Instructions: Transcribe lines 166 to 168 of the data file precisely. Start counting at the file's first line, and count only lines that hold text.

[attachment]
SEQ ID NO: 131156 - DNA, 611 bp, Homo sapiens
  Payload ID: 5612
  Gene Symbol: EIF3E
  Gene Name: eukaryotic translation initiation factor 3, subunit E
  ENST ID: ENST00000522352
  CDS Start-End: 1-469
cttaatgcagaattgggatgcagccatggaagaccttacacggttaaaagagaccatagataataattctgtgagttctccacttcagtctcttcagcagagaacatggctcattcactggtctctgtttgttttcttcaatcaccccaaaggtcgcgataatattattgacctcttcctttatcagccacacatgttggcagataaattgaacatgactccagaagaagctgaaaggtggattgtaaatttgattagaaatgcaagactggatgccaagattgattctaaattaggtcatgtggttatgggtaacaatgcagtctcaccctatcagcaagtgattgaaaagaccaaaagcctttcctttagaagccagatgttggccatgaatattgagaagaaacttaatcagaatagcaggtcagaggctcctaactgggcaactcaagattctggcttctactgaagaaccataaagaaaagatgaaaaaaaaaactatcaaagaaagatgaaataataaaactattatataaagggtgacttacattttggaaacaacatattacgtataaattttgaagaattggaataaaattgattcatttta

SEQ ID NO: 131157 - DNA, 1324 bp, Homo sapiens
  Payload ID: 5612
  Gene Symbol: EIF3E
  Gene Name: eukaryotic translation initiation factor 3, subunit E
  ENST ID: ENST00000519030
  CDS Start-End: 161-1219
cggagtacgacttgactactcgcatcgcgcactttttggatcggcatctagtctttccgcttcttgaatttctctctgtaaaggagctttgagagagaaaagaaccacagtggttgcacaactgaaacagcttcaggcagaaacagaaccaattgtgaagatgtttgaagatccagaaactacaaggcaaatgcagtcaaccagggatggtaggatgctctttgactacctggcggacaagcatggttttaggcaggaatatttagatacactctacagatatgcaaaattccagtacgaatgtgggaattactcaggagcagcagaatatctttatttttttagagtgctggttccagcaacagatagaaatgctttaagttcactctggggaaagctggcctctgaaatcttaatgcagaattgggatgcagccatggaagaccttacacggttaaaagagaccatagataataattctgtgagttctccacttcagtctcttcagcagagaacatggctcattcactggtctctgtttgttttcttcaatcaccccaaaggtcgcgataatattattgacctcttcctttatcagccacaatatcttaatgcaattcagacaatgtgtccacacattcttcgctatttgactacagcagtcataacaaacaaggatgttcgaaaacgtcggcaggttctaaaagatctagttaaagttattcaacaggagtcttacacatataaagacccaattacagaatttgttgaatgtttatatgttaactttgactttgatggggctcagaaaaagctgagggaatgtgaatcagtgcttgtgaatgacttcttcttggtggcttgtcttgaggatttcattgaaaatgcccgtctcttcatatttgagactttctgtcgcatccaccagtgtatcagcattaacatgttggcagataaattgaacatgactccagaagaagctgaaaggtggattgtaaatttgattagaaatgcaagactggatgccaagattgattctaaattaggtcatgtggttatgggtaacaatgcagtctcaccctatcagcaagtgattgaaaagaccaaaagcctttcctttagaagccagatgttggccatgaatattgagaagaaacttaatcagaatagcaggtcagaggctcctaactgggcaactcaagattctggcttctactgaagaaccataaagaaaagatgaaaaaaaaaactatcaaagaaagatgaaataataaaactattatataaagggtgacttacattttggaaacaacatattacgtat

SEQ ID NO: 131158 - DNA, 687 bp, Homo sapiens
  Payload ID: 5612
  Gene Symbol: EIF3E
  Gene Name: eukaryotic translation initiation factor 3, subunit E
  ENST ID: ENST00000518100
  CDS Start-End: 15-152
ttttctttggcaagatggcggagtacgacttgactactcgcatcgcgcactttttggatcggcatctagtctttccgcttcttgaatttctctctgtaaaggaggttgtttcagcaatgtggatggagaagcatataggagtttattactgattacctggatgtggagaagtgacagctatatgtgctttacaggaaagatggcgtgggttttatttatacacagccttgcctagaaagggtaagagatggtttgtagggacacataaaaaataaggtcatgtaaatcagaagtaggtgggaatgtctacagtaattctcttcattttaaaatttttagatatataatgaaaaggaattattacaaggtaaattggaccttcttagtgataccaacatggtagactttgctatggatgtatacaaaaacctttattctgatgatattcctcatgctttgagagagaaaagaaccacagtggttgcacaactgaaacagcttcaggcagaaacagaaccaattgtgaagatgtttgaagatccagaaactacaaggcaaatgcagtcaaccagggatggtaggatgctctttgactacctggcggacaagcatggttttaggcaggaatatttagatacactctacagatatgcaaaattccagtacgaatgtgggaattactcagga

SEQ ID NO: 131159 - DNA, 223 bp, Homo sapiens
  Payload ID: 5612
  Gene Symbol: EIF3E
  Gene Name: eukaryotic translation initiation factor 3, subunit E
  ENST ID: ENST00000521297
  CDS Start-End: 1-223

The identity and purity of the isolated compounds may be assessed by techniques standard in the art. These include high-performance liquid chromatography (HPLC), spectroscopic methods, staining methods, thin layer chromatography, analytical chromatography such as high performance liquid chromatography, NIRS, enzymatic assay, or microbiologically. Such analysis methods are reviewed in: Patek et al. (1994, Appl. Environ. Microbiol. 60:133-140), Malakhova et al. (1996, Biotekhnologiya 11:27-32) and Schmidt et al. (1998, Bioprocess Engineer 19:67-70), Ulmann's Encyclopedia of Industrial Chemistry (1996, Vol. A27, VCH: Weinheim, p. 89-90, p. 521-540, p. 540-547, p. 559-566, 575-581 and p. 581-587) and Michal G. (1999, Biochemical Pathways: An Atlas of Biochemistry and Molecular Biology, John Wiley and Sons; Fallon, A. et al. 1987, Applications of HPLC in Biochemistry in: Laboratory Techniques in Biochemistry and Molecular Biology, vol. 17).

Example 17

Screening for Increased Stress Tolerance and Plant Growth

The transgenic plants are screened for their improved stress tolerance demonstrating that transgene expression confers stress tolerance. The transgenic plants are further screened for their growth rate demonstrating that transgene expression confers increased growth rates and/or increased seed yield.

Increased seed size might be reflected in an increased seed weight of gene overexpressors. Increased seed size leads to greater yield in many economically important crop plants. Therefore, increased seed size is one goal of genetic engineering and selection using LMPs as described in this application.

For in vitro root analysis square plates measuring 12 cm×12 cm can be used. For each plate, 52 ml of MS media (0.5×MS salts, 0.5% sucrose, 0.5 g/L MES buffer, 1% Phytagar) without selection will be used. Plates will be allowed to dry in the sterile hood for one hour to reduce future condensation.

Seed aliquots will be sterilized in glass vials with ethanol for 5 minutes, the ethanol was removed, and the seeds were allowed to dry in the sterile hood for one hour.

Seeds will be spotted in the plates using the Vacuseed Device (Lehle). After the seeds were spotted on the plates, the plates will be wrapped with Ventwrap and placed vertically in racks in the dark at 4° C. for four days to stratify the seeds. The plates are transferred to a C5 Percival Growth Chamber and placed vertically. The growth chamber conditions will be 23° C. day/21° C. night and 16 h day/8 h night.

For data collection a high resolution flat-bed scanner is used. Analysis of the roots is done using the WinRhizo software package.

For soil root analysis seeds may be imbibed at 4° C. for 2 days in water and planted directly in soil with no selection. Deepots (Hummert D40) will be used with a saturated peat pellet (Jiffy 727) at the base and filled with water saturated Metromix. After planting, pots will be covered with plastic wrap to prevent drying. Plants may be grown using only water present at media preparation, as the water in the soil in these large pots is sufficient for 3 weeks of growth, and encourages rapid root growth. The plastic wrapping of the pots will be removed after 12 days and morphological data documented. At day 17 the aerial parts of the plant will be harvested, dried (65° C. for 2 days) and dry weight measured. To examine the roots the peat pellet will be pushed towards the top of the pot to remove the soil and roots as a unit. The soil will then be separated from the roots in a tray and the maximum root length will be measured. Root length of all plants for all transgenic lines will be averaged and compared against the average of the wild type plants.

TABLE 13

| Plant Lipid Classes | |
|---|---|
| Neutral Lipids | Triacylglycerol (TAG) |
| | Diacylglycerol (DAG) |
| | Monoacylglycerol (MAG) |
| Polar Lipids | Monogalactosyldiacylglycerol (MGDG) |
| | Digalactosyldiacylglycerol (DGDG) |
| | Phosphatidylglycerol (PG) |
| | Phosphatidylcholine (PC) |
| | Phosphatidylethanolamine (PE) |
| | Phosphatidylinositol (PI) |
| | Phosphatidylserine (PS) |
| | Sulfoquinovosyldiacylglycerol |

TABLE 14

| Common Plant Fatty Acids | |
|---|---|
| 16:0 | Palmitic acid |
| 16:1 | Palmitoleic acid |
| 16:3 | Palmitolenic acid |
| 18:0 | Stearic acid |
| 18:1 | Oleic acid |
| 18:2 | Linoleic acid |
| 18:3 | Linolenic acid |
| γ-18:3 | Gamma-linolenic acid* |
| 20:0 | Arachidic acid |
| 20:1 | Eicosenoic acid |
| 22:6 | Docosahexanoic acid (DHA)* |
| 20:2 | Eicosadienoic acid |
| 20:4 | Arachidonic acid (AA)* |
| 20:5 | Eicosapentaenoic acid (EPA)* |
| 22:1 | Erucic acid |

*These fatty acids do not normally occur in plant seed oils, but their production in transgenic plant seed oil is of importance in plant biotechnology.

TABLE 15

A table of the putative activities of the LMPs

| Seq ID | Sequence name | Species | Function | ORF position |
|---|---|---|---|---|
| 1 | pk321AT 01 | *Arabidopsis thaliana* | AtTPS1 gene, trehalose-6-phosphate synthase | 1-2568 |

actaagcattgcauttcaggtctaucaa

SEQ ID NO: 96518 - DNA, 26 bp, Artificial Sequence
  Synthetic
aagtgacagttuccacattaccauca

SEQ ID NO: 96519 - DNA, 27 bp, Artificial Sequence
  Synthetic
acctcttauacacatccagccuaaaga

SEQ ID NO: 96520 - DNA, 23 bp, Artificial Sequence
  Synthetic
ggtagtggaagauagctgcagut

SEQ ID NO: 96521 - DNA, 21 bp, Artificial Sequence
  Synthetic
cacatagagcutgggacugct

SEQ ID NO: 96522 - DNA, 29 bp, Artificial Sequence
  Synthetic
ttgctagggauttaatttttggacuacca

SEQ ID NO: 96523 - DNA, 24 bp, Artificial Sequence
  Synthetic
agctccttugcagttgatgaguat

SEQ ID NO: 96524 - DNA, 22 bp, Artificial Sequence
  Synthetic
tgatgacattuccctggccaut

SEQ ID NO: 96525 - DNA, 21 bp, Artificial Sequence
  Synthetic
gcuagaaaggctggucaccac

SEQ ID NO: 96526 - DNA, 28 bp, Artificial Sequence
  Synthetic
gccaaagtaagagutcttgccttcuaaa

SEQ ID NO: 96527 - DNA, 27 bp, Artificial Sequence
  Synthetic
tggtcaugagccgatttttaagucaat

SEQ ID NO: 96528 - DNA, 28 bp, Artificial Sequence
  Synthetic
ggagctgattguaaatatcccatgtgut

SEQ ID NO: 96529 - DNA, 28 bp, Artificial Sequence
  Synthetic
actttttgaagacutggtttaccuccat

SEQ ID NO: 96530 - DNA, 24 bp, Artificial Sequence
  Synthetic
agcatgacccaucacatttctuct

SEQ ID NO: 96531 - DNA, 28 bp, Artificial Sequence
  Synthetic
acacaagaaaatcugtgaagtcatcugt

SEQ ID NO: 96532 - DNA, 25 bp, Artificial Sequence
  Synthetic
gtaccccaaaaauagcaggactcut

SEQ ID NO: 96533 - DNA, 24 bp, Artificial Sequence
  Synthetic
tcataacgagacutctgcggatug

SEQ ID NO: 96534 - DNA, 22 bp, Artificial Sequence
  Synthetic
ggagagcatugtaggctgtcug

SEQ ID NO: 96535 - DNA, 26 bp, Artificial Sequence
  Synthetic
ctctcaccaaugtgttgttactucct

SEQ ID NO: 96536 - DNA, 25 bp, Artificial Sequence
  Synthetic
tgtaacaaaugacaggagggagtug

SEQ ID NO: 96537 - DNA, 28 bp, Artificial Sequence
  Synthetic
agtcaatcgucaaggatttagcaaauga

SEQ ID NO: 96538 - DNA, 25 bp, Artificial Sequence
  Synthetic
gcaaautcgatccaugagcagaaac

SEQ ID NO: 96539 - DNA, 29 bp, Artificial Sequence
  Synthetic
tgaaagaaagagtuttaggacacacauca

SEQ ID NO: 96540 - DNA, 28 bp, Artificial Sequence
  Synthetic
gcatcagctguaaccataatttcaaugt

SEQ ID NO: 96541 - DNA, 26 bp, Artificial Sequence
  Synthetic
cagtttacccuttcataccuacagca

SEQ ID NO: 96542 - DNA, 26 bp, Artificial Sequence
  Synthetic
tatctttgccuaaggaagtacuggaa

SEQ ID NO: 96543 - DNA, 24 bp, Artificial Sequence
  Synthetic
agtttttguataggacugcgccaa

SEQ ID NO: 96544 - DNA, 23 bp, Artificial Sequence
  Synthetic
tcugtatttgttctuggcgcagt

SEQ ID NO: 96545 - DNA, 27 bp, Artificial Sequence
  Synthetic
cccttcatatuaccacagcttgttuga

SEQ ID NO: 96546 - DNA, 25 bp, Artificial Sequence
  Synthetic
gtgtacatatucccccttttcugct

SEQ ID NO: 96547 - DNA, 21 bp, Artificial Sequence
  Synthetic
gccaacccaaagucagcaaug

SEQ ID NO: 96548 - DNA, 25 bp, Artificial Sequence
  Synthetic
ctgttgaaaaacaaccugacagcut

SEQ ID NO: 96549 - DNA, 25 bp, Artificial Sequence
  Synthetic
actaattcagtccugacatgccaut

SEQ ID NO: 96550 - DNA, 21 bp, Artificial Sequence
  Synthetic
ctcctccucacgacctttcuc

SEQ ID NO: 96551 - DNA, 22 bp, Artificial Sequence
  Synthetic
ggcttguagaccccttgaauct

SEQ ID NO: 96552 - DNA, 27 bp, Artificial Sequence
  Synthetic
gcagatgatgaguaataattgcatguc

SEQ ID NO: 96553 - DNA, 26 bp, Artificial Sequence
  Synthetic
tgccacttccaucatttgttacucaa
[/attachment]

gccaacccaaagucagcaaug

SEQ ID NO: 96548 - DNA, 25 bp, Artificial Sequence
  Synthetic